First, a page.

Bradford's Industrial Revolution
The Gaythorne Row houses, when first built in their original setting of Gaythorne Street, Great Horton, provided shelter, some degree of comfort and became ‘home’ for many families. Many were strangers to the Bradford area. Horton’s growth was determined by the industrial overspill of Bradford.
The stonemason from Addingham and the joiner from Knaresborough living in these houses could have both worked on their construction and as much building work was in progress in Great Horton at that time, Gaythorne Street would be a convenient base.
With textile mills almost on ‘the doorstep’ these houses were not only convenient for the Cotton Warp Dresser, the Woolcomber, and the Woolsorter but also for the weaving wife with a young infant.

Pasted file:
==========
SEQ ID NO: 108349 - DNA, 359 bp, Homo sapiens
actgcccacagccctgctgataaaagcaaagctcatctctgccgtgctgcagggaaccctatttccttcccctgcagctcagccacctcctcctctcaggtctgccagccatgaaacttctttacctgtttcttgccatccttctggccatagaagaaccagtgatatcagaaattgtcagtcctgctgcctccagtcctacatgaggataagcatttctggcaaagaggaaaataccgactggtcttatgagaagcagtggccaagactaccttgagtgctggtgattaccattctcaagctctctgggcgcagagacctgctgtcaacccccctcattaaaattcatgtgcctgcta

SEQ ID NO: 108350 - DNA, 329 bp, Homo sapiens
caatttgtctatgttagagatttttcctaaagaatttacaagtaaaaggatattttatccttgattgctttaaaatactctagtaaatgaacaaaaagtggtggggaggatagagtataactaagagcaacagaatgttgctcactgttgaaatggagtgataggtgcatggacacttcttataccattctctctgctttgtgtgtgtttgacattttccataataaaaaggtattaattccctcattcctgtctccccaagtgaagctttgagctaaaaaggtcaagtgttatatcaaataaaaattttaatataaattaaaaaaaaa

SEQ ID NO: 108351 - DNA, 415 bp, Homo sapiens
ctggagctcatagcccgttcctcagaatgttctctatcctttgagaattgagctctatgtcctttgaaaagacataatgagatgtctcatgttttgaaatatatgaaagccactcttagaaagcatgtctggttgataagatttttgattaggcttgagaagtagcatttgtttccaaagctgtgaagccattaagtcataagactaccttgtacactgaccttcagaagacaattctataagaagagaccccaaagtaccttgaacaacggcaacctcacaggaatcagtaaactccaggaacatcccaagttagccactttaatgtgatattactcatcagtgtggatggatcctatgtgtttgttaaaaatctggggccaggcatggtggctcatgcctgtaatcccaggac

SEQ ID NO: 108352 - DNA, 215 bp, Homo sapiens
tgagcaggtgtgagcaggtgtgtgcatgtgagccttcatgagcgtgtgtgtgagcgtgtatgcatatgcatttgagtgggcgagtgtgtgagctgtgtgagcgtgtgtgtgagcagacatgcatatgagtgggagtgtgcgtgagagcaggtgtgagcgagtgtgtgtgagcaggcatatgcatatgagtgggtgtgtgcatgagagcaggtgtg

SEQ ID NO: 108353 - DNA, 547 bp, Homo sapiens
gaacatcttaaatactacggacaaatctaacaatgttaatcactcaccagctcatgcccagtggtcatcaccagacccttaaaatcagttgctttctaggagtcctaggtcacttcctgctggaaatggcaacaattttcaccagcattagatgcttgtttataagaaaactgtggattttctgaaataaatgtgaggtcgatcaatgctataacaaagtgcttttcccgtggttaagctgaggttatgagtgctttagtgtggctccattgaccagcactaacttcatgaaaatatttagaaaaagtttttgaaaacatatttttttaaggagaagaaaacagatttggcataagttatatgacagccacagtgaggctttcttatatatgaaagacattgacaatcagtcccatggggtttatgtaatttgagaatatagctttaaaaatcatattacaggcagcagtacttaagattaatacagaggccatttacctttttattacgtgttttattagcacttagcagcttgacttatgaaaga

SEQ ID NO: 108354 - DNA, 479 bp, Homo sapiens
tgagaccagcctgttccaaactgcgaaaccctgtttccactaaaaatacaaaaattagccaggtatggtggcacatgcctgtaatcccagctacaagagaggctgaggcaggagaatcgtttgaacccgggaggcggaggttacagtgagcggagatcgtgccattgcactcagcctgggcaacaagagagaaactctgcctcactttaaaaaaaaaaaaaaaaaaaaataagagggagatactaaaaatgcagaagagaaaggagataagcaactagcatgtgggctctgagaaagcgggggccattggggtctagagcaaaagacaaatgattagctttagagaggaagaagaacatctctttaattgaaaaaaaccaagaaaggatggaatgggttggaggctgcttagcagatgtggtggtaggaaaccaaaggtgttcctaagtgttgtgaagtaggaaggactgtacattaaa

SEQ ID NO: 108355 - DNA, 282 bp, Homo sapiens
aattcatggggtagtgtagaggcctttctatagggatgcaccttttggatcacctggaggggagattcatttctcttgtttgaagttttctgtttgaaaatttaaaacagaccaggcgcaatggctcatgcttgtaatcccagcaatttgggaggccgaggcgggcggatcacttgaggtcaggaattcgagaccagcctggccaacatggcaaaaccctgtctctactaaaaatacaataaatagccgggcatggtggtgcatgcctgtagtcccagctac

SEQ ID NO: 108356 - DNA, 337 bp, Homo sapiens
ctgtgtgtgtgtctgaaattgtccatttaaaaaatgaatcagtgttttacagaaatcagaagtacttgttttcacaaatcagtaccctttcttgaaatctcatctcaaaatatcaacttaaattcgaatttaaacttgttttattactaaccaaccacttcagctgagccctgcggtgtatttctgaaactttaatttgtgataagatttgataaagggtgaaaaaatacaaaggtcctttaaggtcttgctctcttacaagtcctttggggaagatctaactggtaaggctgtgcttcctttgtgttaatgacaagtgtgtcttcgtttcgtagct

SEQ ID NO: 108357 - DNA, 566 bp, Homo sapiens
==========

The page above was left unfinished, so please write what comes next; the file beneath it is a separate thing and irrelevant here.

The catchment area of Gaythorne Street in 1876/7 was limited to Yorkshire and Lancashire, but by 1881 the area had extended to include Essex, Suffolk and Devon.
In both lists (in the 1876/7 and 1881 Census) almost everyones jobs were related to the manufacture of textiles, with the wide diversity of materials in use at the time – cotton, worsted and alpaca being listed.
The changes in the occupations can be found in the six houses in Gaythorne Street. Family incomes ranged from 127p – 225p per week based on the earnings of the two adults in each family.
You can see actual photographs of people who emigrated to Bradford and lived and worked around the mills in a photographic mini-tour on the Bradford Museums website - see Related Links below.